▪Christmas in cards

As the festive season approaches, the usual quest for appropriate Christmas cards gets under way, and, yes – you can find some such cards using designs by Margaret Agnes Rope.
They are published and printed by the Carmelite convent at Quidenham, which houses the community of nuns of which Marga was a member (as Sister Margaret Of The Mother Of God) between 1923 and her death in 1953. The nuns at Quidenham still honour her memory.

Curiously, only one of the seven Marga Christmas cards printed by Quidenham is actually of a stained-glass window – the ‘Paris’ Nativity window. This window was created in the 1930s by her, and, after some moves, was eventually installed in Quidenham Chapel.

Another one in this series of cards also features the early sketch that Marga made for that ‘Paris’ Nativity window (see pic, below).

Nativity Christmas card

Arts & Crafts

The designs on three of the other five cards were originally simply private seasonal cards specifically made by Marga for a limited circulation, ie among her sister nuns.

Marga designed many illustrated cards in her lifetime, but these should not be seen just as the casual works of a quiet moment. In fact, these ‘minor works’ reflect the Arts & Crafts ethos she learnt as a student: an ethos which called on artists to be pluri-disciplinary craftspeople, and to experiment with different media. For example, her ‘Bethlehem’ card (see below) is an example of a very innovative approach to the City Of God motif she depicted so often elsewhere but one that would not have worked in glass.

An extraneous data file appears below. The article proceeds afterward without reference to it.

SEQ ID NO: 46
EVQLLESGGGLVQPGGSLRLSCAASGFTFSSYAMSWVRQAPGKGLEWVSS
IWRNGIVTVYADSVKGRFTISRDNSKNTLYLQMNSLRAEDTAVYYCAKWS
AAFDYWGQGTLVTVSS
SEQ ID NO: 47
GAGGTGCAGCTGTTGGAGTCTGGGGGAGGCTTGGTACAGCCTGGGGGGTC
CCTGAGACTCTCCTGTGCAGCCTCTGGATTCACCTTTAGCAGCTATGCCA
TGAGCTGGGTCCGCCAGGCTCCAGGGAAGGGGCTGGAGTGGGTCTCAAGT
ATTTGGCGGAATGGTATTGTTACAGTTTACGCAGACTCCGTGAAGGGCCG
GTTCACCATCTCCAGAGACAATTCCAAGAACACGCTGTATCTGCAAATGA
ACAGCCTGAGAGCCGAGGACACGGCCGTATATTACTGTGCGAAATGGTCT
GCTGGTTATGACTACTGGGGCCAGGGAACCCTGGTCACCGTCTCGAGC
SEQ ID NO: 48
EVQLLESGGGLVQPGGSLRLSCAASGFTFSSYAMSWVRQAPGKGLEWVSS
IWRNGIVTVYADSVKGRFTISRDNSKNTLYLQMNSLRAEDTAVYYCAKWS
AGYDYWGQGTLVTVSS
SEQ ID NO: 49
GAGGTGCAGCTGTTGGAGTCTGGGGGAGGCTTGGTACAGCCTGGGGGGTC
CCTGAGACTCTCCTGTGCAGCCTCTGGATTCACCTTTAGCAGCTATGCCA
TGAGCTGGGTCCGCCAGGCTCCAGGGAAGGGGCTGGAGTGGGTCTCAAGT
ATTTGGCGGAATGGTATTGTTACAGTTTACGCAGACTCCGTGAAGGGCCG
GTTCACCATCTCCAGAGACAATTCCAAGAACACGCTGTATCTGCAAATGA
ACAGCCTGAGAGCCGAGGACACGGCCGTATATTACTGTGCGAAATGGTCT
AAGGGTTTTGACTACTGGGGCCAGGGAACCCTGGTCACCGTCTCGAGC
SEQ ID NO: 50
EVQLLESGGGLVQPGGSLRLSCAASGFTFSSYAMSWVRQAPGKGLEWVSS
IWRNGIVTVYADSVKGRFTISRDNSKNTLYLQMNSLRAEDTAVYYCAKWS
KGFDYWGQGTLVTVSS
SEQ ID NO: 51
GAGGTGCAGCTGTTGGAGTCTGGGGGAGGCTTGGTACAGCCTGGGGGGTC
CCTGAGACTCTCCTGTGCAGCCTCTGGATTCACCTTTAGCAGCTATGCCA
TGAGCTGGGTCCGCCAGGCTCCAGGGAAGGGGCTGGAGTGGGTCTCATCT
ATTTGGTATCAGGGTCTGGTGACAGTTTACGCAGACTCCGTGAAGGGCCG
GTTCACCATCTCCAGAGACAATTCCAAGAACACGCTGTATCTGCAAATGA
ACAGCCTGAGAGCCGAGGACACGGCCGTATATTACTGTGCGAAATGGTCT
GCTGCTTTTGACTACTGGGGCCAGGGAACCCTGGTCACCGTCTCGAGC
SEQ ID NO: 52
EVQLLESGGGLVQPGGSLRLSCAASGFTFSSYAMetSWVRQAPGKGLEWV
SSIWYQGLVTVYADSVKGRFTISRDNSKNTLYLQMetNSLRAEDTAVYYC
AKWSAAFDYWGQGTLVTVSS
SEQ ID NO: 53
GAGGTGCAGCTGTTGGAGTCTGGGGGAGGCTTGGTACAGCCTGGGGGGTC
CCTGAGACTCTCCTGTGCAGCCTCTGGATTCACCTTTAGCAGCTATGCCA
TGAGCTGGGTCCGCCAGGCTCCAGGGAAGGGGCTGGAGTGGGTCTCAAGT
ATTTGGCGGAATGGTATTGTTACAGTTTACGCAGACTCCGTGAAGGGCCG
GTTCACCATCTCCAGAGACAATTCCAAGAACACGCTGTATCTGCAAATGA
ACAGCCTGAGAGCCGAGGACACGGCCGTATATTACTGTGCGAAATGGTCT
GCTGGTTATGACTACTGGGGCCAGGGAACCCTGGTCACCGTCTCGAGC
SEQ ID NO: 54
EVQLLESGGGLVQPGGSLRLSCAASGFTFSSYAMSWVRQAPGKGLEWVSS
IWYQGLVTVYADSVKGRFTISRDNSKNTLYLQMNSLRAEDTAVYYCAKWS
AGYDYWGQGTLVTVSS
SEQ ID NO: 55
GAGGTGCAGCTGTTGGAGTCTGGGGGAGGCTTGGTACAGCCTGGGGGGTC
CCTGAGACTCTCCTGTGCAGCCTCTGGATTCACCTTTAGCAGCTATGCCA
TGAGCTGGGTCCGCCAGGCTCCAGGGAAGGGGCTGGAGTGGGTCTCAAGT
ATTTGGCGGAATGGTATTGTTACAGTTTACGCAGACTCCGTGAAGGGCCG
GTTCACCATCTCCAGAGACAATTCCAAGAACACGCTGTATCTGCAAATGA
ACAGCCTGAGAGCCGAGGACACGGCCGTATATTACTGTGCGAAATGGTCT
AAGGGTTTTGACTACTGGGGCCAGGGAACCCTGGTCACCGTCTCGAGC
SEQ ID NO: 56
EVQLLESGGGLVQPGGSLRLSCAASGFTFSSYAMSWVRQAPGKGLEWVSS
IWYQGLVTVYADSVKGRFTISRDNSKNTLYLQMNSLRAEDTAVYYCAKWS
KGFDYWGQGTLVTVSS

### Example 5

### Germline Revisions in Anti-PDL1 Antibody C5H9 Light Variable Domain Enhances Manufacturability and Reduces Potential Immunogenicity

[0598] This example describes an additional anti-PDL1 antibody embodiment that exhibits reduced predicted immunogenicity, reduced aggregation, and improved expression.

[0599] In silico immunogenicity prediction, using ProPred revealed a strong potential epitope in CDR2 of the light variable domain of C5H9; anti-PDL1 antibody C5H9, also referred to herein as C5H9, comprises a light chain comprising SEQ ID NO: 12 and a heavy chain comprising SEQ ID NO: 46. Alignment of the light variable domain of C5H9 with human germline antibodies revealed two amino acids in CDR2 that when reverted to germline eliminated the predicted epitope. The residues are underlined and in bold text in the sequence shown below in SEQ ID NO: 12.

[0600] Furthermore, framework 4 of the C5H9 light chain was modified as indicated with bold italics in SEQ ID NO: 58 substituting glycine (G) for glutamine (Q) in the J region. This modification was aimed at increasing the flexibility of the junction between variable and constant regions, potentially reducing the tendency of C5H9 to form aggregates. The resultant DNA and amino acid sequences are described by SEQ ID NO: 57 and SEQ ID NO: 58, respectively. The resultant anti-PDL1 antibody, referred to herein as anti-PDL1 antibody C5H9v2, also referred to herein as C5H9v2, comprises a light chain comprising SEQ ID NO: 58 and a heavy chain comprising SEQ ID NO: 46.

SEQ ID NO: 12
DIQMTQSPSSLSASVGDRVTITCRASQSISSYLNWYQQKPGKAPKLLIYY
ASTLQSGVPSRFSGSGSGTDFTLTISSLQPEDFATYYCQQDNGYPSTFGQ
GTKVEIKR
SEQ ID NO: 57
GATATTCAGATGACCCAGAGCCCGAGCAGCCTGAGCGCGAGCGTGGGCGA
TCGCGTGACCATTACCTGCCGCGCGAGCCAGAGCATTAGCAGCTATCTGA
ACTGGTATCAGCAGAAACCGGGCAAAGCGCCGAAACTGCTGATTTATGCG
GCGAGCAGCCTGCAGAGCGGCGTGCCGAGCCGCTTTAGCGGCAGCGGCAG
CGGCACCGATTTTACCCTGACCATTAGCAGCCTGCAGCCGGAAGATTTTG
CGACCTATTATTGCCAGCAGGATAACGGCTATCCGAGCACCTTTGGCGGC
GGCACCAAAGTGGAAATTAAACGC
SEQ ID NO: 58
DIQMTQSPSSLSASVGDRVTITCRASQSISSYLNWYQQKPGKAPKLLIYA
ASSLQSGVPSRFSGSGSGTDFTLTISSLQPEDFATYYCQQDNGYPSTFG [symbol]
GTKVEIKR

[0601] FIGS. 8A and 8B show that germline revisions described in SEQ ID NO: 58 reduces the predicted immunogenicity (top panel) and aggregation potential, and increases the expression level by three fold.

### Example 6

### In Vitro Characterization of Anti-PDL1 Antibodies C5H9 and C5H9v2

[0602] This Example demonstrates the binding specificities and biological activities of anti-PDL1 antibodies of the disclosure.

Bethlehem Christmas Card Classic-75
Crib

The last two of the Quidenham-printed cards are actually photographs. These show the life-size painted Nativity figures put together and created by Marga for the private Christmas services at Quidenham.
This collection of figures – about a dozen of them – was actually not seen in public until 2016, when the convent loaned them to the Margaret Rope Exhibition at Shrewsbury Museum. Until then, the figures had never been seen outside the nuns’ private chapel.

You’ll find details of the seven cards, and their prices, on the Quidenham website:
The Word was made Flesh / Paris Window (Classic 63); Bethlehem (Classic 75); Journey of The Magi (Midi 17); Midwinter Madonna / Paris Window sketch (Midi 37); Come and Adore (Midi 48); Margaret Rope Crib Figures 1  (Midi 2): and Margaret Rope Crib Figures 2 (Midi 47).

In the archives

Of course, there are many more card designs by Marga, most of which are lying neglected in her unresearched papers. She seems to have enjoyed the private pleasure of creating and making cards for friends & family.

One of the most exciting aspects of recent news – ie that Marga’s papers are being transferred to a new, custom-built archives room – is that scholars will at last be able to sift through the documents properly. They will probably find many more previously unknown drawings by her, including designs for cards.

One card that we are already aware of, and believe that the original will be there somewhere in the papers, is her World War Two Christmas card, which shows a soldier, sailor and airman approaching the Christmas stable (see below). Nativity + searchlights Christmas card
This card was also created for the community of her fellow nuns.  You can see the evidence for this belief in the words inscribed across the snow ‘Carmel  Rushmere  Suffolk‘.  Her Carmelite community was then based in the Suffolk town of Rushmere – before moving to Quidenham Monastery in 1948.

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THIS ARTICLE WAS ORIGINALLY WRITTEN IN 2017. UPDATED DEC 2018

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